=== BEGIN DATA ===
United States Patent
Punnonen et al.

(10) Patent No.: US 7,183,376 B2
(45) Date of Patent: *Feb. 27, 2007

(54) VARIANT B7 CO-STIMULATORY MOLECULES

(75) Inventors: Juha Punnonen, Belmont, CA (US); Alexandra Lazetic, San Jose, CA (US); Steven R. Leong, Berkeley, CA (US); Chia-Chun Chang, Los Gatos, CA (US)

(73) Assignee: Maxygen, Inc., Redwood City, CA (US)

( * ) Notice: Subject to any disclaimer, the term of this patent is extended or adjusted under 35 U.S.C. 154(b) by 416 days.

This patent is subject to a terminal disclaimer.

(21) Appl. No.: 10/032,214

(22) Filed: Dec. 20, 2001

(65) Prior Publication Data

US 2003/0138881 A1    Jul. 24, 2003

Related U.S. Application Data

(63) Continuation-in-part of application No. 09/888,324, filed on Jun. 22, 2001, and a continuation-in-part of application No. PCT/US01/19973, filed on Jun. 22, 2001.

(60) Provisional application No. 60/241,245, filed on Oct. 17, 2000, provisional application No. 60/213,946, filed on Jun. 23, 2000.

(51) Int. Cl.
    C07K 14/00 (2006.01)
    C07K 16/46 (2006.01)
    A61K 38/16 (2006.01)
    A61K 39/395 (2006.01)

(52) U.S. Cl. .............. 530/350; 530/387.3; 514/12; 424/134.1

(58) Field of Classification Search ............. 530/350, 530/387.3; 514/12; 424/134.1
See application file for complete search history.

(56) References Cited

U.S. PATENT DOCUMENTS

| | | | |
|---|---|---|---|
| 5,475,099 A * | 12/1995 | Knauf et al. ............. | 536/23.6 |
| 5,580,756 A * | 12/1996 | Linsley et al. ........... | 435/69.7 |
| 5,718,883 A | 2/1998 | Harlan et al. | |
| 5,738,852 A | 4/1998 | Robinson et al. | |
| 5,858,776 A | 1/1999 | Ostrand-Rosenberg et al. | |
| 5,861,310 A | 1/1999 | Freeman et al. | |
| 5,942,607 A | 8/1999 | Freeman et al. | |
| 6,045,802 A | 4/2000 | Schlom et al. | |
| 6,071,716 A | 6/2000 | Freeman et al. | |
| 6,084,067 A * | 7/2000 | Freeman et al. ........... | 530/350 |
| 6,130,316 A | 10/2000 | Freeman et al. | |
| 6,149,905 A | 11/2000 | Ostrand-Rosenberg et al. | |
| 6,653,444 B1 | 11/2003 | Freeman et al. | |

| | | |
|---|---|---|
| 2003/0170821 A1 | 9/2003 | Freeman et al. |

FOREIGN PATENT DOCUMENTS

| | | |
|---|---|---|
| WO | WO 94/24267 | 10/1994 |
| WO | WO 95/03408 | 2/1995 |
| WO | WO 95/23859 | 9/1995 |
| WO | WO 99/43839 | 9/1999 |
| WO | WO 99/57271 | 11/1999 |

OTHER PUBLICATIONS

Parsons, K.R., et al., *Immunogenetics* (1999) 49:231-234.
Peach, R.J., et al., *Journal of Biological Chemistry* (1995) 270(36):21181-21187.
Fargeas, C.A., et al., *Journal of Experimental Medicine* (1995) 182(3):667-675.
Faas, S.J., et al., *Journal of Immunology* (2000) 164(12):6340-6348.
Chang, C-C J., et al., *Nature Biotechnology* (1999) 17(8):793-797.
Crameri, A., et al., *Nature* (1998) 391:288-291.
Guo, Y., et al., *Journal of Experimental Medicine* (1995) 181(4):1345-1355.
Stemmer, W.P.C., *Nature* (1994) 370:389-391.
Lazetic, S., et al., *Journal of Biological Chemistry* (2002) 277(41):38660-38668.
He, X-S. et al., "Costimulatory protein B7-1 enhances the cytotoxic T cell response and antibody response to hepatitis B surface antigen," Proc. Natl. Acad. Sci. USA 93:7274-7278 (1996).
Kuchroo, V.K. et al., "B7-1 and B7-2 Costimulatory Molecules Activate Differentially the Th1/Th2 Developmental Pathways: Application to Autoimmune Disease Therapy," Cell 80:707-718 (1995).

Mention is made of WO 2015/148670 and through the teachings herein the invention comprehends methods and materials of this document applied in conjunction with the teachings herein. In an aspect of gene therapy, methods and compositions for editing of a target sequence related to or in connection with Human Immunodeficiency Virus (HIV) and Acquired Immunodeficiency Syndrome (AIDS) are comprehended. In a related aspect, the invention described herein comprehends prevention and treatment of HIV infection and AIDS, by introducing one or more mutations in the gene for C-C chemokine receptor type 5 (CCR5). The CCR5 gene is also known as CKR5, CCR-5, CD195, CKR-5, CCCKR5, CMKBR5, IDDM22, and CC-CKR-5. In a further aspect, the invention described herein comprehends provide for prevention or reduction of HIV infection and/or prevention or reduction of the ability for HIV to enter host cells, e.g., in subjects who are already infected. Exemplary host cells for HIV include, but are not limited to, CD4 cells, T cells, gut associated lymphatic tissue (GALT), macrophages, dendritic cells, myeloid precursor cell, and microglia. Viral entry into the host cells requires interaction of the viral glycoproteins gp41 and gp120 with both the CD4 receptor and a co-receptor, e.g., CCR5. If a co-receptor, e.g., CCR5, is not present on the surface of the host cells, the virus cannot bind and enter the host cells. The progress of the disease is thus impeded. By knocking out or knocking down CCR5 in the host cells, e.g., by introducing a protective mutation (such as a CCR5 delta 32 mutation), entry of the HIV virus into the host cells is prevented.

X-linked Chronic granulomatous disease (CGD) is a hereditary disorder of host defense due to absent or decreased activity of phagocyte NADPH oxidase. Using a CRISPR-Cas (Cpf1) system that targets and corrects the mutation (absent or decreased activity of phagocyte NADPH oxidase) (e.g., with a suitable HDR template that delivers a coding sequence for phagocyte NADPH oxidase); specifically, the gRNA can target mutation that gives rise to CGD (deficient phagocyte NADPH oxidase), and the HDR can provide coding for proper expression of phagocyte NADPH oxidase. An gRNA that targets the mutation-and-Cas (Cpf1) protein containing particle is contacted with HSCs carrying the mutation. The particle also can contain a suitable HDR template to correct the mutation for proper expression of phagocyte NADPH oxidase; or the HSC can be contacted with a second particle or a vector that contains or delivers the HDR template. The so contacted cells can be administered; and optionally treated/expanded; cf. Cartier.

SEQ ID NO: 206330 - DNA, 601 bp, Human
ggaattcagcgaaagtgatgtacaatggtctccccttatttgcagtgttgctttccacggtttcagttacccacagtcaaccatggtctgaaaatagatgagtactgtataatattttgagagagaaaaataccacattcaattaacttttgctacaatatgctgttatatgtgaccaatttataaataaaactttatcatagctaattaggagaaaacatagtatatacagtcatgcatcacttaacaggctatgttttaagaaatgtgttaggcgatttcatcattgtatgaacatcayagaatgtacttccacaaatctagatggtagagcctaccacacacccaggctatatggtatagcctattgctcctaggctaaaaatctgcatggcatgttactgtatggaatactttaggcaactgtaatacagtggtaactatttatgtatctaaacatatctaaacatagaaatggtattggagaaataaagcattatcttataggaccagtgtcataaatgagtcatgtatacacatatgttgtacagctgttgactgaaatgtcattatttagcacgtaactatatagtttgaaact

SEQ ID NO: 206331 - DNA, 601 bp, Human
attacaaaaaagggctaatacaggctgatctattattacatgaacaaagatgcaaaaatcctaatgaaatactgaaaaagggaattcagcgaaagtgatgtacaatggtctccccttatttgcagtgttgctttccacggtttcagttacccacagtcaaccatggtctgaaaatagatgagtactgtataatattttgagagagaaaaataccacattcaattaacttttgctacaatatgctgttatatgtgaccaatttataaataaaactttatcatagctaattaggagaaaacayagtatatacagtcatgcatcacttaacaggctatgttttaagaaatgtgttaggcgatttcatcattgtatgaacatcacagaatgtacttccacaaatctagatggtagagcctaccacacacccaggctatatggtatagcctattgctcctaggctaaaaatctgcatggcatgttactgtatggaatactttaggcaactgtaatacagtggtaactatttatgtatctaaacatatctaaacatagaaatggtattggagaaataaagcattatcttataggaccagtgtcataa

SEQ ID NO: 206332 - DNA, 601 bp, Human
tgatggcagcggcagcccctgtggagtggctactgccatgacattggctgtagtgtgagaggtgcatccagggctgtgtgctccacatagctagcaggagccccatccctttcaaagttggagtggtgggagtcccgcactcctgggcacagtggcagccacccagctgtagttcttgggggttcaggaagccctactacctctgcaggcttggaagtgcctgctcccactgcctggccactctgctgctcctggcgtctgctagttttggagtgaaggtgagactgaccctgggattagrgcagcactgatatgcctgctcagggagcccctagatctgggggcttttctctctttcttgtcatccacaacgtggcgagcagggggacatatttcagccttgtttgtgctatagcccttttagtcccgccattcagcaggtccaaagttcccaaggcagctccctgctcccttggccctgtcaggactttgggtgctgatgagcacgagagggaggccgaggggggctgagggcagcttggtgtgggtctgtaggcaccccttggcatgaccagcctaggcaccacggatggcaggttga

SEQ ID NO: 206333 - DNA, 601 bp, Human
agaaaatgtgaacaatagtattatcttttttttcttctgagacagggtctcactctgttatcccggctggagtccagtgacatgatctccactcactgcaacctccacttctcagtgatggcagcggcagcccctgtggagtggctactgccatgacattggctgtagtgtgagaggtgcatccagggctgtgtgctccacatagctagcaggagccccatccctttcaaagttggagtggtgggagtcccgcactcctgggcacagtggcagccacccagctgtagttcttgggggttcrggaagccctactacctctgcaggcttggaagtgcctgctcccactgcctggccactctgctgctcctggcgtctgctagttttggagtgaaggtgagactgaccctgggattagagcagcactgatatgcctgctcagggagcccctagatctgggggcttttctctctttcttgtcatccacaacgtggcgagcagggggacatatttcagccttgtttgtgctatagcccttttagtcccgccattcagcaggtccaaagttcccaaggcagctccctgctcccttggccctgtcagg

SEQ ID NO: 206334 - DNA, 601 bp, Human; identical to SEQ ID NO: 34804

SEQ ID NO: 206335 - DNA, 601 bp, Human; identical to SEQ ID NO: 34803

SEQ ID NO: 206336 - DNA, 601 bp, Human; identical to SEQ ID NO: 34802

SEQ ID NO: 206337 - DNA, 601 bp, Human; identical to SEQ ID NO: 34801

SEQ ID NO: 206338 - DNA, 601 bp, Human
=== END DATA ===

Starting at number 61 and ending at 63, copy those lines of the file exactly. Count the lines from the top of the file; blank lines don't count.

Stemmer, W.P.C., *Nature* (1994) 370:389-391.
Lazetic, S., et al., *Journal of Biological Chemistry* (2002) 277(41):38660-38668.
He, X-S. et al., "Costimulatory protein B7-1 enhances the cytotoxic T cell response and antibody response to hepatitis B surface antigen," Proc. Natl. Acad. Sci. USA 93:7274-7278 (1996).